Founder Balance?

Posted by Madeline Reddington /January 27, 2016 / Advisors, Cofounder Advice, Entrepreneurial Advice, FounderTalk

Jon Crawford is a product and engineering-focused entrepreneur who made a life-changing migration to San Francisco six years ago. After spending two years in Kansas City building a social ecommerce platform called Storenvy, Crawford found himself adrift in San Francisco when his startup earned and lost a space in Y-Combinator’s Summer 2010 class in a heartbeat. He chose to stay in the city, and after a half-decade solo hustle, he’s raised $6.5M and made Storenvy host to more than 50K online stores for unique and emerging brands. Crawford joins FounderDating this week to talk about the psyche of an entrepreneur and what it’s like being a solo founder. 

Where did the idea for Storenvy come from?

Screenshot 2016-01-26 18.42.39I had taught myself to code and was running a web design shop in Kansas City right out of college. I found myself building loads of online stores for small businesses; in ‘08/’09, there weren’t good solutions for people to create their own online storefronts. I thought, “what if we took the idea of free and social and applied it to commerce?” that democratizes commerce the way email has been democratized—everybody can have an online store, and we give it away for free. Then, we’ll tie them all together to create a sort of online mall, and that networking will make it more valuable than just having your own store.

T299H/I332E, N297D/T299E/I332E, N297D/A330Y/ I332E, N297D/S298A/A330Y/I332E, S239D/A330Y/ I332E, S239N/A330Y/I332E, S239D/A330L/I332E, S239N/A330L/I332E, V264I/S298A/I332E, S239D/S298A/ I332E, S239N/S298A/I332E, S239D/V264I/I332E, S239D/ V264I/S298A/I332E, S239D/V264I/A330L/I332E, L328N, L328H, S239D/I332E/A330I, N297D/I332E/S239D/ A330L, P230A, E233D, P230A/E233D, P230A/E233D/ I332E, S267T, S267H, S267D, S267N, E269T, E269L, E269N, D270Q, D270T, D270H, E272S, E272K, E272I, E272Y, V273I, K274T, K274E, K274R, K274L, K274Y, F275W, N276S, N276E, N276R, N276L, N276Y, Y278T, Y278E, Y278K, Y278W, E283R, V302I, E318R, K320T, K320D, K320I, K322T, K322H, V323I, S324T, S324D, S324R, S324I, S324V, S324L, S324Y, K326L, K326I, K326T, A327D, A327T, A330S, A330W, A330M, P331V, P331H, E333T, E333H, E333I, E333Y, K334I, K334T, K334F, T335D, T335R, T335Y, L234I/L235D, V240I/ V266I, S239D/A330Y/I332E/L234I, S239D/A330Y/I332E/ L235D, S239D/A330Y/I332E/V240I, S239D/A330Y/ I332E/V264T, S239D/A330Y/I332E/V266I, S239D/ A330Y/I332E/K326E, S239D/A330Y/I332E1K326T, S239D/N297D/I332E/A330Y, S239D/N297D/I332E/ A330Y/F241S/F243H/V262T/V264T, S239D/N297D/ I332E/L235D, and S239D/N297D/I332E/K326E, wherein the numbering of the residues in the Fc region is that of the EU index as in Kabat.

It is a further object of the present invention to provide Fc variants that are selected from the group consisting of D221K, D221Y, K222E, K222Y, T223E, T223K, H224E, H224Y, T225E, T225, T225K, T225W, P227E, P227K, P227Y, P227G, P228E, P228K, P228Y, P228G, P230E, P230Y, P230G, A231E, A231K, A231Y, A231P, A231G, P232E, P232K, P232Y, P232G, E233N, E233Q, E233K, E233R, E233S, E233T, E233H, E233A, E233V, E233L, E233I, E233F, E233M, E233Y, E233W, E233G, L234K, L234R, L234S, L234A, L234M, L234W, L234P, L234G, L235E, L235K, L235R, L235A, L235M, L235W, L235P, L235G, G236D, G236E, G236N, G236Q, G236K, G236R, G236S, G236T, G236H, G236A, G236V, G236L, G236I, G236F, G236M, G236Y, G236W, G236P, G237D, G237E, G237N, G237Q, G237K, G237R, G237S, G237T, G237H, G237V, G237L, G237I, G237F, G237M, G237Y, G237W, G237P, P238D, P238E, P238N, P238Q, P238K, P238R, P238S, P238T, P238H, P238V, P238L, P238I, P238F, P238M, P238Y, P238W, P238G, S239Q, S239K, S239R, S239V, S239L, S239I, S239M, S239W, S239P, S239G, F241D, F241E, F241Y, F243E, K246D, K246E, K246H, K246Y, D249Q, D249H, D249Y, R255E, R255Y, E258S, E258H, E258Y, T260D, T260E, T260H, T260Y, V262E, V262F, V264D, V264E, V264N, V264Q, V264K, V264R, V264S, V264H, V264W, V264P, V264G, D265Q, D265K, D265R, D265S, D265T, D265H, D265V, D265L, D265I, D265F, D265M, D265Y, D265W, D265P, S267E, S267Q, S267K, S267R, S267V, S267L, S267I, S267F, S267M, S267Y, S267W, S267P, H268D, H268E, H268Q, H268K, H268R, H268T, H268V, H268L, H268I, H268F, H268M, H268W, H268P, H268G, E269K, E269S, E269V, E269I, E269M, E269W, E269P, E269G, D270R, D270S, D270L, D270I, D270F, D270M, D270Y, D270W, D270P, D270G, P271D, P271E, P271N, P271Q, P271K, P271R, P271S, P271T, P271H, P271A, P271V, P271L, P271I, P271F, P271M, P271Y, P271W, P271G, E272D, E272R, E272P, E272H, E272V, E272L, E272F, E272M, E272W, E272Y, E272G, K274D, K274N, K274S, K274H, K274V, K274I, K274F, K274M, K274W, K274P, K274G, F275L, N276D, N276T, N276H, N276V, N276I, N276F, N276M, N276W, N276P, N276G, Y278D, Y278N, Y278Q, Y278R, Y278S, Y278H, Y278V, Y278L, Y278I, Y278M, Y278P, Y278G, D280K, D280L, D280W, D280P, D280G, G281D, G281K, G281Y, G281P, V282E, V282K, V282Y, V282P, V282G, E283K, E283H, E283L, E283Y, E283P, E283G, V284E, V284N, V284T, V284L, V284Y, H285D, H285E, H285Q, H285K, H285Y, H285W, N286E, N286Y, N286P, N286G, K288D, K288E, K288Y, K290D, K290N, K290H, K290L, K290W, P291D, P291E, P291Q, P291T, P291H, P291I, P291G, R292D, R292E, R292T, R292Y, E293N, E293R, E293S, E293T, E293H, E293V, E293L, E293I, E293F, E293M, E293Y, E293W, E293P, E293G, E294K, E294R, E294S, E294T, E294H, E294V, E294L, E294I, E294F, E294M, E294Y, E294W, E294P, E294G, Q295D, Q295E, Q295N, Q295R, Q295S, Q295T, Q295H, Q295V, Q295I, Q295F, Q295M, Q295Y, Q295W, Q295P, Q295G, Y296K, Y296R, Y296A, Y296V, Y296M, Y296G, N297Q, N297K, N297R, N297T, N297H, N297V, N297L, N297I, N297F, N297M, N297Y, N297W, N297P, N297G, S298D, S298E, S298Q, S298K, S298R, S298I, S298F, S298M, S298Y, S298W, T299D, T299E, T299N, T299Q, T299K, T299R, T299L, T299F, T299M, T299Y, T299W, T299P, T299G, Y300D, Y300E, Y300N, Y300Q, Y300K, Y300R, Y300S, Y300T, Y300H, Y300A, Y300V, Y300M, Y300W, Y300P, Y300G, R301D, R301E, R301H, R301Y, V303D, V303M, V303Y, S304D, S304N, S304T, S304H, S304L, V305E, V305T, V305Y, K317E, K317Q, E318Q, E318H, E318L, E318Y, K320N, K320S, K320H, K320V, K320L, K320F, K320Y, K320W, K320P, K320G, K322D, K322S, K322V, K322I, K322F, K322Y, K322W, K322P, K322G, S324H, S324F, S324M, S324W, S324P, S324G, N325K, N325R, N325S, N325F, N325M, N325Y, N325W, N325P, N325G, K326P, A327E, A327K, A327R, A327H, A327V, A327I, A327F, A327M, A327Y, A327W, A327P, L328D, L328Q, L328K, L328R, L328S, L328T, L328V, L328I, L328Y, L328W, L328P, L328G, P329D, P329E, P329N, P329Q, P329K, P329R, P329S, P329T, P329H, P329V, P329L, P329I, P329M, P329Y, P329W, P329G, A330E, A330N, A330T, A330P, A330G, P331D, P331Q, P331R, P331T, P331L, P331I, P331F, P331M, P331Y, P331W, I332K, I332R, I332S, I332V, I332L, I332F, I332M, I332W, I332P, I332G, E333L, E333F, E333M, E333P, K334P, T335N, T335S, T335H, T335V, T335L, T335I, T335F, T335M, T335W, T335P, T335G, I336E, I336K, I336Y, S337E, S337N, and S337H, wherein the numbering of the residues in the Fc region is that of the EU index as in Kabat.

Storenvy has an innate social aspect. Store “owners” get passers by seeing stuff, they get updates when you release new stuff or you can “envy” things. There’s also a feed where you can see the stuff everyone you’re connected with thinks is cool or updates on their activity. It works similarly to sites like Pinterest or even Reddit, where the popular items bubble up to the top, and it changes every day.